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Posts Tagged ‘credit score’

Willful and Malicious: What the Dukes of Hazzard teaches us about bankruptcy discharge.

Wednesday, April 7th, 2010

The Bankruptcy Code at 11 USC 523(a)(6) says that debts arising from willful or malicious injury to person or property cannot be discharged in bankruptcy.  Defining willful or malicious is like trying to get Daisy Duke to cover up, it’s darn near impossible.

It can be argued that every act a person takes is willful.  Let’s say you slide into the driver’s side window of the General Lee and in so doing kick Bo in the head.  Bo gets a judgment for the damage to his pearly whites.  Is that judgment dischargeable in bankruptcy since you jumped in the driver’s side window on purpose even though you’d never harm an icon like Bo on “purpose”?  The U.S. Supreme Court has held that willful and malicious requires a “specific intent” to invoke harm on a person or his property.  Specific intent is a matter generally left to the trier of fact, i.e., the court that tries the case of Bo v. You.

After we clear the willful or malicious hurdle, like jumping over the river in the General Lee, we need to show injury to person or property.  We all know what a person is; Bo, Luke, Boss Hogg, Sheriff Rosco P. Coltrane, but what is property?  Is a credit score property?  What about cash money?  What about future income? Are these property for purposes of 523(a)(6)?

For example, if because of a transaction gone awry, Luke harmed Daisy’s credit score or caused her a financial loss that is not directly related to one of the intentional torts identified by most courts, i.e., battery, conversion, trespass to chattel, Daisy cannot successfully argue that she was injured under (a)(6) and have Luke’s debt to her survive Luke’s bankruptcy.  Your Los Angeles or Orange County bankruptcy lawyer will tell you that the debt would still be dischargeable under the Bankruptcy Code.  That is a nugget of good news for Luke and is enough to make anyone want to race around Hazzard County in a 1969 Dodge Charger with the doors welded shut.

Bad News and Good News, FICO Farming Edition

Wednesday, March 24th, 2010

First the bad news:  In the world of credit scores, trying to figure out the effect of your life on your credit score is about as clear as a pig in mud.  Even though credit scores are numbers, they appear to have no relationship to what Miss Patterson taught you in first grade.

But the good news:  Fair Isaac, that illusive measurer of credit risk, has let a tiny bit of the horse out of the barn (a nose perhaps).  Short sales and deeds-in-lieu of foreclosure have the same effect as foreclosures on your credit score.  It’s not possible to tell from the credit report if a foreclosure is a short sale, deed in lieu of foreclosure, settled account, regular foreclosure or some other genetically modified version.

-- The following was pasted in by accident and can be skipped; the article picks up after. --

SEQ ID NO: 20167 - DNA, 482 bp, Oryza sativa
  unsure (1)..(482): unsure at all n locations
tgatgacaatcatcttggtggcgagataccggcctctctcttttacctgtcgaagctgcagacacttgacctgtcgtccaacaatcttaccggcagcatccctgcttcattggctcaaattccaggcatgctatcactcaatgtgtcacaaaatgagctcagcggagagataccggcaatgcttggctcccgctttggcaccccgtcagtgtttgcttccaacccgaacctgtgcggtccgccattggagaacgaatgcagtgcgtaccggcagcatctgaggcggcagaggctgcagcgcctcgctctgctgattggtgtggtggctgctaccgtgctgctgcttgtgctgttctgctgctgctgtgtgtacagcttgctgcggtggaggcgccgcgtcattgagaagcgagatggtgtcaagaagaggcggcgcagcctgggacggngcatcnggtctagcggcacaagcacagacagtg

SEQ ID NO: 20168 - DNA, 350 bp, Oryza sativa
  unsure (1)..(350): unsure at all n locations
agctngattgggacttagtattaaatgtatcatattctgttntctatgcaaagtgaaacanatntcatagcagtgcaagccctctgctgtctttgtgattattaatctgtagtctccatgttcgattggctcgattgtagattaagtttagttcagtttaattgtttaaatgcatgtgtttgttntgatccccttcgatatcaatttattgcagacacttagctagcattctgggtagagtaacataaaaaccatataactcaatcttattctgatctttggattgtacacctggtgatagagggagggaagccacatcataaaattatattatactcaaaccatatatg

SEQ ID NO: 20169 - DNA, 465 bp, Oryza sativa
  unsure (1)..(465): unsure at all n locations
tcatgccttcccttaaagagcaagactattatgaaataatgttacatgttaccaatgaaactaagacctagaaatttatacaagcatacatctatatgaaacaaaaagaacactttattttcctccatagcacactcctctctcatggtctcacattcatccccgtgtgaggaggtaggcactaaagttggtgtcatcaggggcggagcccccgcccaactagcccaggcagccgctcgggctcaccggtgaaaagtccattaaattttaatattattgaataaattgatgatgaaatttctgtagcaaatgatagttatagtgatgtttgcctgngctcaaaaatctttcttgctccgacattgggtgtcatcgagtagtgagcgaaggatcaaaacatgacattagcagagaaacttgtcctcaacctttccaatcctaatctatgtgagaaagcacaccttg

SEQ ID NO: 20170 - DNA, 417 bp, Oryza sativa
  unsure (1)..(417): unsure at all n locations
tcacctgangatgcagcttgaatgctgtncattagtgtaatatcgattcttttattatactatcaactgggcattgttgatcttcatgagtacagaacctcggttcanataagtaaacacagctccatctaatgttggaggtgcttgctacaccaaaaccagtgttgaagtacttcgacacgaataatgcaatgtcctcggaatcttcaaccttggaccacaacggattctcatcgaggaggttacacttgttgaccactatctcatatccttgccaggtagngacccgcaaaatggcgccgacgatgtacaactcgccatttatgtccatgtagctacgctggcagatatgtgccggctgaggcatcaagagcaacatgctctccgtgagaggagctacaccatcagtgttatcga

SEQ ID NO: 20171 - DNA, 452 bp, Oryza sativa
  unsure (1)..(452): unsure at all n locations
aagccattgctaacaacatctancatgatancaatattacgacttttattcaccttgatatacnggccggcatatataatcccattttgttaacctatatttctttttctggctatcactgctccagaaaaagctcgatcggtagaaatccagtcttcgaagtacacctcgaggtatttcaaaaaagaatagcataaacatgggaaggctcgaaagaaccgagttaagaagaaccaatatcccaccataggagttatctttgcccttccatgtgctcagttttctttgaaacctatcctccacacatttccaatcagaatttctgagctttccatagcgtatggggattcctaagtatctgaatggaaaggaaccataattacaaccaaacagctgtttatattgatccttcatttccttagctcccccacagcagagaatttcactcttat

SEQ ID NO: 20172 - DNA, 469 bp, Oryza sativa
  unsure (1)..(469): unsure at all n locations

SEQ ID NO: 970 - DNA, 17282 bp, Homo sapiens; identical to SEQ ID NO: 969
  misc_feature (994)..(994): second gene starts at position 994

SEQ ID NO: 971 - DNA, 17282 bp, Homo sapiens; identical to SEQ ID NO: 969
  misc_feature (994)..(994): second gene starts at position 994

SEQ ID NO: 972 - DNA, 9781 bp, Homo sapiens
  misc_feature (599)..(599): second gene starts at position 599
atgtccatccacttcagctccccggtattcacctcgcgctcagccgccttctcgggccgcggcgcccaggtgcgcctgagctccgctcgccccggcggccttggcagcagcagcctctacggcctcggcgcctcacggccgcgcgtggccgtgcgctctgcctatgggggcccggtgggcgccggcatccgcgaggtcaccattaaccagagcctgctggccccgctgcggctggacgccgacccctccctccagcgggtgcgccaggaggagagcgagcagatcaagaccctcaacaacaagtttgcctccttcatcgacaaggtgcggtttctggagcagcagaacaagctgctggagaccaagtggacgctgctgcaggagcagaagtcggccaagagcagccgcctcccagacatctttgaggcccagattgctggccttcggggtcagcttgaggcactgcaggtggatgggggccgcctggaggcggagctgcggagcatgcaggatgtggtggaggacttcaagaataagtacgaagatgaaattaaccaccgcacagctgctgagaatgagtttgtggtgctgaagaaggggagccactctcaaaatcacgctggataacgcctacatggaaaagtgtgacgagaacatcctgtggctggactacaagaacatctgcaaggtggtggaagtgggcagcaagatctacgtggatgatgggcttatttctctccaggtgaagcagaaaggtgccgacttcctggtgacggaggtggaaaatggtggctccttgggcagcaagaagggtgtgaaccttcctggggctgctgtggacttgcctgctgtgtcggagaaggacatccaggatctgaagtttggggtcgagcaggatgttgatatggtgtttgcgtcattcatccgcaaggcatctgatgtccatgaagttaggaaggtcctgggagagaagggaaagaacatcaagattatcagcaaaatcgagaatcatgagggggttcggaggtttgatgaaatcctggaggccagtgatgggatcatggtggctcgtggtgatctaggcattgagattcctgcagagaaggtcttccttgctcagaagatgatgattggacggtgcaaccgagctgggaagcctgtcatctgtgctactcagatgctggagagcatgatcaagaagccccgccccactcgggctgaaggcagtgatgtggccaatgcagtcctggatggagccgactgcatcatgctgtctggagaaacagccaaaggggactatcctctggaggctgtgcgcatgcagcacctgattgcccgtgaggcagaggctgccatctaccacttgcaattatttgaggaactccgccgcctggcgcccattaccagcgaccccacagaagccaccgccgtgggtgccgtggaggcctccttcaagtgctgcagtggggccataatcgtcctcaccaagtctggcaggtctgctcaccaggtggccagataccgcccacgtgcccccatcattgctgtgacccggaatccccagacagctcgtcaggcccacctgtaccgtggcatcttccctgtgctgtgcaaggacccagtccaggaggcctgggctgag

After the nose leaves the barn, Fair Isaac goes even further (an ear?) and says they treat foreclosures as serious delinquencies and, “…they have an impact on the score similar to the impact from a charge off, tax lien or account included in bankruptcy.”  Bottom line, if you’re struggling financially, the difference between a bankruptcy (Los Angeles Chapter 7 or Los Angeles Chapter 13) and a foreclosure on your credit score is negligible, like the difference between white and brown eggs.  So Fair Isaac appears to be telling us to make an omelet and get on with breakfast.

It’s official, straight from the horse’s mouth here.

Will filing for bankruptcy ruin my credit score?

Monday, August 3rd, 2009

The better question to ask for most people with debt is: does it make a true difference what the actual credit score is? In other words, when individuals have lots of debt, having a good credit rating will not necessarily allow them access to new credit. And even if it did, what good is it to be able to borrow more money without a realistic ability to pay it back? This is a hole that generally keeps getting deeper.

But the simple answers to the question above are: it depends and not necessarily.

For those that have very poor credit ratings prior to filing bankruptcy, the filing of a bankruptcy can actually help a person improve their credit score.

A common scenario is to see a person with a score in 400-500 range see an increase of approximately 50-100 points approximately a year after the filing of a bankruptcy.

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